Why do so many followers of Christ always feel condemned, guilty, fearful and never satisfied with their life and future? Is it possible that the popular perspective on how to view life is incorrect and misleading? Has this generation bought into a philosophy formed by a regretful generation before us (our parents)?
Most of us Generation Xers and Yers, have been super saturated with the message of dreaming big since we first were able to comprehend words. All throughout my university, it was pumped into my brain that I needed to succeed in the business world, to never stop climbing the corporate ladder, and to become the top executive. I would not have been satisfied with being a manager at the Gap or a painter, or any entry-level job for that matter. The president of my university would proclaim in our assemblies, make not little plans here. He would pump up the crowd, and leave the platform with screaming students who were being taught a very conditional and ill motivated mentality.
Most of my friends from university left after a mountain top graduation, to head for the valley of what I call, “Post College Syndrome.” Many students can’t wait to leave the four walls of the university, believing that they can and will be the next big thing. They soon realize how big the world is, and how many people are just like them: very ambitious, plus an undergraduate degree. The mindset goes from, I am different and important, having so much to offer this world, to I am working as a server at the Outback and I have a degree? Discouragement sets in, and life becomes bleak and colorless; much different then what the college professors and parents guaranteed us.
This message in and of itself is not what is detrimental; it’s the emphasis that is tagged along with the message. The advice we get is very appealing, yet it has placed a tremendous amount of pressure on this generation to do, and be something big. Young people begin to measure their self-worth based on achievement and social status. Is this what success really is?
The message of dreaming big sounds great in theory, but does that message feed the young a false sense of reality? Are we just as guilty as Teen Magazine, MTV and the money hungry consumer market, that has this generation striving for status, popularity and image? Are we setting up the young for a great disappointment in life?
As I study the life of Christ, my eyes have been opened to a new, yet old concept; using the ordinary, to be and do extraordinary things. Think about it. Who has made the greatest impact in your life? Was it Mel Gibson, Kurt Kobain or Bill Gates? Probably not. Most of us have been impacted by those whose names are foreign to the global community; your dad or mom, a youth pastor, a professor or a close friend. These are the people who have shaped, challenged, and seen you through the complexities of life. These are the ordinary that have made your life extraordinary.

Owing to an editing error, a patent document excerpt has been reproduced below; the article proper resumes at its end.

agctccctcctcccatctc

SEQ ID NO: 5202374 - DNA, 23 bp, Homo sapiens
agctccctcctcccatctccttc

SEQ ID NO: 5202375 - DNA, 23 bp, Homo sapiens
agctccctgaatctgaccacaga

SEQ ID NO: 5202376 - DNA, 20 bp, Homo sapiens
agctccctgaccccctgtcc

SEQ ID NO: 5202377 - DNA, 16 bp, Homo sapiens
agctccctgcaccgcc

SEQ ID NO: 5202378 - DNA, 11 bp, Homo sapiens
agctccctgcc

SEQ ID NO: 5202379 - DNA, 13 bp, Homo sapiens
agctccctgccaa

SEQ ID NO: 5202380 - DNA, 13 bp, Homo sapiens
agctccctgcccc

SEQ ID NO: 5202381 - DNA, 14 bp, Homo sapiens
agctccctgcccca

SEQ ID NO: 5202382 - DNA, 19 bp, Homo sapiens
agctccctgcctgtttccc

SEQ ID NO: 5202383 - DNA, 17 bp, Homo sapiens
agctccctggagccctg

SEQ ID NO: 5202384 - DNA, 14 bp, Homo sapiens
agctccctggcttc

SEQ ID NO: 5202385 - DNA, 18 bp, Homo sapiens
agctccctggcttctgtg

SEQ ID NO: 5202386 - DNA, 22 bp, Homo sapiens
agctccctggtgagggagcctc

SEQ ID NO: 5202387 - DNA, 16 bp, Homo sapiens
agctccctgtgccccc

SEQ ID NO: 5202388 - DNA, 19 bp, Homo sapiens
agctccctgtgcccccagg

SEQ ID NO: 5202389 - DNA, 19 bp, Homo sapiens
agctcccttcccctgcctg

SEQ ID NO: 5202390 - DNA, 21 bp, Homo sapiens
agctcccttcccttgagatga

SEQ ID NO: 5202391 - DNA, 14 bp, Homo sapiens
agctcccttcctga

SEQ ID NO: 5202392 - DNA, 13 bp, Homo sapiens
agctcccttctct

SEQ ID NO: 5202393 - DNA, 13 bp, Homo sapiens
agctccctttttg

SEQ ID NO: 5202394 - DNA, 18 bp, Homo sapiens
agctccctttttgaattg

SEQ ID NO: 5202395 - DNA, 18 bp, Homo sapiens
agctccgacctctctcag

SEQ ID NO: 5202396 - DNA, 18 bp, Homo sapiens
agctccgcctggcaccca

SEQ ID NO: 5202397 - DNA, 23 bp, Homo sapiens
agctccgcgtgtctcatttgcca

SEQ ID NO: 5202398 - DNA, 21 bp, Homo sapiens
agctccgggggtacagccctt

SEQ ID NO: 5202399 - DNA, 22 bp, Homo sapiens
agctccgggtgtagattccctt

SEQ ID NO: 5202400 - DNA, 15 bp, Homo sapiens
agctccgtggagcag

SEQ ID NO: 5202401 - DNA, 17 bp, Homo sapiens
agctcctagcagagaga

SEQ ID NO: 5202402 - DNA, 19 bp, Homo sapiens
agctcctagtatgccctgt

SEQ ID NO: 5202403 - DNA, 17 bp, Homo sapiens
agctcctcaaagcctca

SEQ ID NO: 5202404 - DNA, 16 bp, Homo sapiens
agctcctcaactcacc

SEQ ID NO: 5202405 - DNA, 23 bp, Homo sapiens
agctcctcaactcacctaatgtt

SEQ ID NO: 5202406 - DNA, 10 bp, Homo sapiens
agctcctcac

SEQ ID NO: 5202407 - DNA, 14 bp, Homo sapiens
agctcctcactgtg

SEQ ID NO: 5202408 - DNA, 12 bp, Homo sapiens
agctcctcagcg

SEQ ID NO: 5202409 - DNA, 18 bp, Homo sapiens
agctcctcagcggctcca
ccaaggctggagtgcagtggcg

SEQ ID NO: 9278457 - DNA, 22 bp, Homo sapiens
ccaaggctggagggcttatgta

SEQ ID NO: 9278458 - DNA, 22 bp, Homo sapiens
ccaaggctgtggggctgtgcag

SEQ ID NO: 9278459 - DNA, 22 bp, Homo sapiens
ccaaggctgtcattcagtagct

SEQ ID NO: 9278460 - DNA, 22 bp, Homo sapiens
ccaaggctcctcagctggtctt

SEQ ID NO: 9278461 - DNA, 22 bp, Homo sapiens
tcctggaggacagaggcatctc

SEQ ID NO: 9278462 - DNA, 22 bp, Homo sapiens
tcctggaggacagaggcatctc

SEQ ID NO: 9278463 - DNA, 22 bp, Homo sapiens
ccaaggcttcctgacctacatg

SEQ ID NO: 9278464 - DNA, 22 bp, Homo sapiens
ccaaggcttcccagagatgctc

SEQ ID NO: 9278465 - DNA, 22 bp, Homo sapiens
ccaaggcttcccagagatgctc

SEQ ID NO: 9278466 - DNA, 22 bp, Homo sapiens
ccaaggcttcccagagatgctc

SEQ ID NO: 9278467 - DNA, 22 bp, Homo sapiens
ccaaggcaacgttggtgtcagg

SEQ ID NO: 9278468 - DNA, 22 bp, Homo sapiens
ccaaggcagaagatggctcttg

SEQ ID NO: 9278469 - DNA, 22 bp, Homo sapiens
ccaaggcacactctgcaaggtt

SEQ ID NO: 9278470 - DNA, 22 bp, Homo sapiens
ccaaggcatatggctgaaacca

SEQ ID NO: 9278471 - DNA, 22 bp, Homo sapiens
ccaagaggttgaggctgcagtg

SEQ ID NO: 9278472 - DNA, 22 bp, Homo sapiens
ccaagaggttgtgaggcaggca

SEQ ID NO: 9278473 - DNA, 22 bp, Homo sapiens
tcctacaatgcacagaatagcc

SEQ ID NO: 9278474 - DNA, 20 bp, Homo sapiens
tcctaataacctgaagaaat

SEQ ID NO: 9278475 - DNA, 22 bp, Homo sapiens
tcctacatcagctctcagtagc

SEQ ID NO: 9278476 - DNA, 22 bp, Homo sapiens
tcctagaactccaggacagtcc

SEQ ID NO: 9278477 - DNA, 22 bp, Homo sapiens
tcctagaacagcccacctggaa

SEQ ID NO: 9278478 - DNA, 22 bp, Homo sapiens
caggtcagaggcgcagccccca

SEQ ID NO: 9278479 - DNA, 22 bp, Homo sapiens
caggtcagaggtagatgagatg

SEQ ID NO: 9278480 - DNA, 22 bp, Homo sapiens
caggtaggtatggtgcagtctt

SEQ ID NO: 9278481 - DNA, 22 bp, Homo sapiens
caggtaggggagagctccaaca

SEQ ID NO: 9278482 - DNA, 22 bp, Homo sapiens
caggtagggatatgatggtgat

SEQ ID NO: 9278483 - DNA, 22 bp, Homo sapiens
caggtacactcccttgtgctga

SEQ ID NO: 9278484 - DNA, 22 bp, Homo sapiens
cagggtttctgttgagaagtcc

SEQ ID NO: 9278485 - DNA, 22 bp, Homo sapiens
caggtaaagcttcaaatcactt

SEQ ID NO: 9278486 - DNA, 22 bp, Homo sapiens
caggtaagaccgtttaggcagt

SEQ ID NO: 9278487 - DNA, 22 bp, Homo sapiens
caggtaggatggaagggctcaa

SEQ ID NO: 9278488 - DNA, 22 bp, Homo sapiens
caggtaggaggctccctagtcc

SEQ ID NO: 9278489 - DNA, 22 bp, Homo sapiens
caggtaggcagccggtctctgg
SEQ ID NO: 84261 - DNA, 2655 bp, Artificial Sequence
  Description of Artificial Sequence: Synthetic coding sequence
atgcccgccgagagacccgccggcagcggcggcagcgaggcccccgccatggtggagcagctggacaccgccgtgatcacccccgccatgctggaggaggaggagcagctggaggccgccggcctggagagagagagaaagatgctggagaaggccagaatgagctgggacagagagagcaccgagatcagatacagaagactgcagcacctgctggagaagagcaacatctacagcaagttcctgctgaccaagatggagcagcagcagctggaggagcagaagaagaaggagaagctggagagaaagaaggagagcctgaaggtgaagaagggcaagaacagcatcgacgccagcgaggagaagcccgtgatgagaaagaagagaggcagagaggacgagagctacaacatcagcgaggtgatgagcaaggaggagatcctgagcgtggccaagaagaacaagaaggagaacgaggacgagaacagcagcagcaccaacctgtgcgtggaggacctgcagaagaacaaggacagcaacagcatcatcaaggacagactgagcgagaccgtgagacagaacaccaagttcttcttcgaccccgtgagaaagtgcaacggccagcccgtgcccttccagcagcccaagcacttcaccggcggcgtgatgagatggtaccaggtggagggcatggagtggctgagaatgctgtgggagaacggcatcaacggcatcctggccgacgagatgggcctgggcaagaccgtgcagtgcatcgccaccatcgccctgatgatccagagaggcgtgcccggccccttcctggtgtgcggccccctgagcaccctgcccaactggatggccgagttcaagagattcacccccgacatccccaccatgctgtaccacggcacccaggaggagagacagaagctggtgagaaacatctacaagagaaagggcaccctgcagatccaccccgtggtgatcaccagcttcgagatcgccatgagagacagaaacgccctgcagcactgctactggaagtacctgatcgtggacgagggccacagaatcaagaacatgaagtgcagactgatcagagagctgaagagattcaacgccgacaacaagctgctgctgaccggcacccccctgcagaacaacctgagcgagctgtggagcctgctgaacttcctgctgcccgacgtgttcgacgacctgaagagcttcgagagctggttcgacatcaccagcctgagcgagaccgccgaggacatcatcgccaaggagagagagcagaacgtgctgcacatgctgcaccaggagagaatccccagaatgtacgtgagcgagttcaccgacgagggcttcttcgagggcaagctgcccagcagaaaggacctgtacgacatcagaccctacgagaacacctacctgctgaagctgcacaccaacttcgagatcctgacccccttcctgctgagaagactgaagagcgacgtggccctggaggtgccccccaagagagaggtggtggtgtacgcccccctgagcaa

Look at the life of Christ. He did not come in a chariot, blazing from the sky. He did not overthrow the Roman government and establish himself as king. He did not even publicize himself with posters, advertisements and radio commercials. He worked a normal job and spent most of his time with normal people. Even when he came entered public ministry, his target audience was the rejected, dirty, immoral and the sick. He actually has a few strong opinions about the rich and powerful (so does his brother James). He was, and is a friend of sinners, a common man with a very simple message of hope. He even says in Matthew 23:11, that if you want to be the greatest then you need to become the least. If this is Christ’s definition of greatness and success, then why are we not striving to be the least?
Not only did Christ choose to come to earth as an ordinary man, but look at the people he chose to be his 12.. He calls the common (fishermen) to follow, and what is even more shocking is that he calls sinners (tax collectors) as well! Christ wasn’t looking for the John Maxwells, Franklin Covey’s and Bill Gates; he was looking for men who knew they couldn’t make it without Him. Jesus said, for I have come to call sinners, not those who think they are already good enough (Matthew 9:13). Shouldn’t this be an example of what kind of men and women Christ is looking for today? He is looking for ordinary people, who live in the reality that they need a savior. He wants the plain Janes and Joe Shmoes who recognize they are sick, and in need of a physician.
The modern church has sensationalized Christ to the point where He is no longer relatable, relevant or approachable. Yet the Christ of the scriptures is a nomadic individual who eats, sleeps and lives life with His disciples. He does not stay in the top floor of the Hilton before a crusade. He isn’t riding around on a prize horse (he actually rode on a donkey), and He is more concerned about people’s needs, than His own image.
We need to redefine what greatness is. Being great is taking pleasure in the simplicities of life: being a faithful husband, taking quiet moments with God, changing your baby’s diaper, and being a dependable friend and companion. These are things that will make your life great. It is not looking forty years down the road and hoping to have a mega church, or booming company.
Dream of today: spending time with friends and family, knowing the presence of God, and enjoying the life you have been given.[Joey Papa is a 24, college grad, currently working with Acquire the Fire Conventions as the Road Manager. Has a great passion & desire for the restoration of the arts in the church.]